The Student News Site of Tarrant County College

The Collegian

The Student News Site of Tarrant County College

The Collegian

The Student News Site of Tarrant County College

The Collegian

Black firsts

Photo art by Alex Hoben/illustration by Tj Favela/The Collegian

The Collegian

With the end of Black History Month approaching, the talented and notable Black people of various fields become increasingly important to highlight and important to celebrate. 

It was Carter G. Woodson who started the idea in 1926, but it wasn’t until 1976 when President Gerald Ford recognized the holiday. 

While all notable Black philanthropists cannot be encapsulated in two sheets of paper, here are some Black firsts, among the many worth celebrating of the years after 2000.  


Since its establishment, TCC has been a place that has allowed Black excellence to thrive. This standard originated with Reverend Leonard L. Haynes — the first Black person on the Board of Trustees and first Black person elected countywide in Tarrant County in 1965. Dr. Gwendolyn Morrison has been the longest serving member of the Board of Trustees since being elected in 1976. In 2010, Erma Johnson Hadley became the first Black chancellor of the college. 


The music industry has produced many talented artists since the 2000’s. Many Black Americans have been pioneers, creating and sharing impactful artistry. Beyonce became the first person in 2023 to win 32 Grammy’s, breaking a new record. Kenderick Lamar’s rap album ‘DAMN’ became the first to win a Pulitzer in 2018. Donald Glover’s song, ‘This is America’ became the first rap song to win Grammy awards for song and record of the year in 2019. 


Journalism creates a space of objectivity, these Black journalists use their lived experiences to present the truth. Cerise Castle wrote the first history of deputy gangs inside the Los Angeles County Sheriff’s Department. Karen Attiah won the George Polk Award in 2019 for a piece she wrote on the murder of her colleague. Errin Haines worked as the Associated Press’ National Writer on Race and Ethnicity. 


You can find Black excellence in all industries. There are many firsts in the tech industry like Lisa Gelobter for instance, is one of the first to create technologies used by Hulu and Shockwave. She is also the CEO and CO founder of tEQuitable. This company uses technology to provide an independent, confidential platform that addresses issues of bias, harassment, and discrimination in the workplace. Tope Awotona created Calendly, now worth 3 billion, and he won the 2021 Atlanta Business Chronicle Most Admired CEO Award. Actor Hill Harper created the Black Wall Street app, which is a financial technology app for Black and Latinx people. It can send and receive money but also financially empowers through educational content.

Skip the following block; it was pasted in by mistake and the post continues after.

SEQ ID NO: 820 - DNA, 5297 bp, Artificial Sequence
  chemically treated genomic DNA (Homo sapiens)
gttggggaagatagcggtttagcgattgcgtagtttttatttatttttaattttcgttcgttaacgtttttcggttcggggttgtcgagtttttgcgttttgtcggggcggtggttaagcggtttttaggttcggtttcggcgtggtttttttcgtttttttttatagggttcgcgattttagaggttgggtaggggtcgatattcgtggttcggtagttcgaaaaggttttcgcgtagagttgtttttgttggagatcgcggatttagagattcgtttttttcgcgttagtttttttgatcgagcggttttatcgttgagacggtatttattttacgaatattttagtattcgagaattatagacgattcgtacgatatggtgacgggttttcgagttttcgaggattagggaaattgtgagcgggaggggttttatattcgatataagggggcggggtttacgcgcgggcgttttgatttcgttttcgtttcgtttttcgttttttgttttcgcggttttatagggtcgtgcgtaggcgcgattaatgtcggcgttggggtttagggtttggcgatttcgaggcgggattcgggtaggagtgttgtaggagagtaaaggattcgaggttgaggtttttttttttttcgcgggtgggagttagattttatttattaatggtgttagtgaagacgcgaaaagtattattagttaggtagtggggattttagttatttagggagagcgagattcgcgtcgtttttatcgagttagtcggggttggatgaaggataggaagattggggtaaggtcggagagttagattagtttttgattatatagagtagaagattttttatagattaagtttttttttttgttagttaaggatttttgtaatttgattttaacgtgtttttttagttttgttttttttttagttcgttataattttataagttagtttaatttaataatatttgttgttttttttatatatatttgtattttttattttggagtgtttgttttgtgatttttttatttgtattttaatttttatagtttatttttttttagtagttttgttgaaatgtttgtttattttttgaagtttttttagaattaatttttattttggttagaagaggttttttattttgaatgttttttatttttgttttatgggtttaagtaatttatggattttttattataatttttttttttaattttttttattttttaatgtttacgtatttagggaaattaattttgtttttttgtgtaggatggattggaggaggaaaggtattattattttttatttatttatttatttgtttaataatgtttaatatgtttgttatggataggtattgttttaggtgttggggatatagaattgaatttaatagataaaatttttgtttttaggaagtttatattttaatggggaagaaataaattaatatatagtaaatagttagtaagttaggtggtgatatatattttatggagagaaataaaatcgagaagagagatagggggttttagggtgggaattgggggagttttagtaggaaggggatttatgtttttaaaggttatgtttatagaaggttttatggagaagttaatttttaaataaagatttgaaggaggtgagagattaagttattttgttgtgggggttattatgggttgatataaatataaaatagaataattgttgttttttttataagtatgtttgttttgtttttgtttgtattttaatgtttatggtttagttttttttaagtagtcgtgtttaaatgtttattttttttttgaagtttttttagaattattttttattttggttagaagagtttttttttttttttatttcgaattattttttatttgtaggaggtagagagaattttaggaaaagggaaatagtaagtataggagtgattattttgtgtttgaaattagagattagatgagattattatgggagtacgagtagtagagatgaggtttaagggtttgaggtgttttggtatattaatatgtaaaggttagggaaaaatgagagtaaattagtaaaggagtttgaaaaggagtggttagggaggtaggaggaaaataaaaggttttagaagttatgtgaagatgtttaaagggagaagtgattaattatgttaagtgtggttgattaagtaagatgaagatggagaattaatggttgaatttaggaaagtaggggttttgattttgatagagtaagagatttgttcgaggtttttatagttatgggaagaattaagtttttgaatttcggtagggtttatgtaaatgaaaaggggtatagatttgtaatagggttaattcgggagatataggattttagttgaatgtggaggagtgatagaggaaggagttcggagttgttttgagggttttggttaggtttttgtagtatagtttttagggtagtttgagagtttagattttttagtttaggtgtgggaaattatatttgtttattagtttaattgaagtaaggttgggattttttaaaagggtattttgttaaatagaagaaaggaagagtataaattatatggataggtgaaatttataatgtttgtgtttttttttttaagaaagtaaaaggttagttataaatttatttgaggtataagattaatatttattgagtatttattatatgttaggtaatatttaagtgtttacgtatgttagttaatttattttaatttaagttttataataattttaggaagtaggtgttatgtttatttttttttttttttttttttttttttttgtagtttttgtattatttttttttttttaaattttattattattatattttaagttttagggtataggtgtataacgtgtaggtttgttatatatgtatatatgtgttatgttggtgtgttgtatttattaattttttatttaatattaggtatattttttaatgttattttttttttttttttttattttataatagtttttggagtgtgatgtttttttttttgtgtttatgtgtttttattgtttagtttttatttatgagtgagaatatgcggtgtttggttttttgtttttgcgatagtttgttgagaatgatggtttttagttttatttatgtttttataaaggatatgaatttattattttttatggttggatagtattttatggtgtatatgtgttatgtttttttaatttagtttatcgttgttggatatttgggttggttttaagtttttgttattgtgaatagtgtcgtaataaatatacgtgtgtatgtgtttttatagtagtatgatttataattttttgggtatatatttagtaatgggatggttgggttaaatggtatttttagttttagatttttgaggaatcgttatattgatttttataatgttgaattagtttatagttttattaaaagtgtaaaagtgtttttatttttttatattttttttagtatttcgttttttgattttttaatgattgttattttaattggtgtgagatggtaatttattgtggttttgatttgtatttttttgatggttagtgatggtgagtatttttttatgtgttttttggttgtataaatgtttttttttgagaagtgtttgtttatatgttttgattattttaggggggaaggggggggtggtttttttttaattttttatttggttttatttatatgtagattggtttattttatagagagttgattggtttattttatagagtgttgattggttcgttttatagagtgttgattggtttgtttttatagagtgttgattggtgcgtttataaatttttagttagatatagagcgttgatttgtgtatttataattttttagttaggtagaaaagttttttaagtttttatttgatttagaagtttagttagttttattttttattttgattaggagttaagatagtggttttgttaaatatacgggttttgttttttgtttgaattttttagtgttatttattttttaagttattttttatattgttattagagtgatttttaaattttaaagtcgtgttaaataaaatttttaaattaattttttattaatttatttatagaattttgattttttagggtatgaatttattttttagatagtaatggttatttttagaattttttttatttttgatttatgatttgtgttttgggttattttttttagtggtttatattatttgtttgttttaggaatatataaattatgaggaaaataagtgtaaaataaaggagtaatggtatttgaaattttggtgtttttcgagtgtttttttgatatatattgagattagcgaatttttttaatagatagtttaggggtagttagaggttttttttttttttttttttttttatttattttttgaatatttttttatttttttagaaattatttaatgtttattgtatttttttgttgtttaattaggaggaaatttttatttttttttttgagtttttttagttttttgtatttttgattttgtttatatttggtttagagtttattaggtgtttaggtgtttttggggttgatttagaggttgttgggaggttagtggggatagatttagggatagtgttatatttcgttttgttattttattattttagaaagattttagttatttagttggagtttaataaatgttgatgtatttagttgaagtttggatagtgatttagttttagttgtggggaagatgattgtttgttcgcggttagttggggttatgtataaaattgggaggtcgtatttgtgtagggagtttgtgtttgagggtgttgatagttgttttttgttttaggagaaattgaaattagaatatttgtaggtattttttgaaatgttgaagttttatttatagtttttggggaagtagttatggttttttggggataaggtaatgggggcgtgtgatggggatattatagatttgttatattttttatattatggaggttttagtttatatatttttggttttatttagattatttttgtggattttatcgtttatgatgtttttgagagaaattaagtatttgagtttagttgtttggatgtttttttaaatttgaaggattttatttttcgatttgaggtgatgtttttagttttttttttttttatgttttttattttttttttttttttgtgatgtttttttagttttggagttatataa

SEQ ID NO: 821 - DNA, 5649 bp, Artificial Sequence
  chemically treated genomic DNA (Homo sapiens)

Examples of Black Leadership can be found everywhere but especially in these three pioneers. Of them is Dr. Sharon Henry who became the first African American woman to be elected to membership as a fellow in the American Association for the Surgery of Trauma in the year 2000. Dr. Patrice Harris became the first Black female President-elect in the American Medical Association, the largest physician organization in the country in 2018. And Dr.Ernest Grant, the first African American served as the president of the American Nurses Association. 

TV and film

The annual Oscars, Tonys, Emmys and Golden Globes have welcomed many firsts in the past few decades. Ayo Edebiri and Quinta Brunson made history by being the first Black women to win Best Lead Actress and Supporting Actress for Comedy in the same year. Whoopi Goldberg became the first Black person to achieve EGOT status.


Black activists have always been at the forefront of the fight to resist and transform injustice within society. Angela Davis is a black woman who has made significant strides in pushing for civil rights, prison abolition, and feminism from the 1960s to the present. In 2020, she was included in Time magazine’s list of 100 most influential people in the world.  

Activism takes many forms, one of those forms is written word. Amanda Gorman is the youngest inaugural poet in U.S history, she explores the topics of oppression, race, and feminism through her poetry.  

Another writer, Charlene A. Carruthers pushes for liberation by using a queer and feminist lens to tell stories of freedom. She is the founding national director of the BYP100 (Black Youth Project 100). 


Simone Biles has become a face of success after becoming the first Black person to become a world all-around champion, as well as the first woman to win six of those titles since 2013.  

 Gabby Douglas became the first American to claim gold medals in London for the team, as well as to win the women’s artistic individual all-around gymnast at the Olympic Games in 2012.  

 Wendell Scott was a NASCAR pioneer, having been the first Black driver to race full time and win a race in the NASCAR premier series. He also became the first to be inducted in the NASCAR Hall of Fame Class in 2015.  

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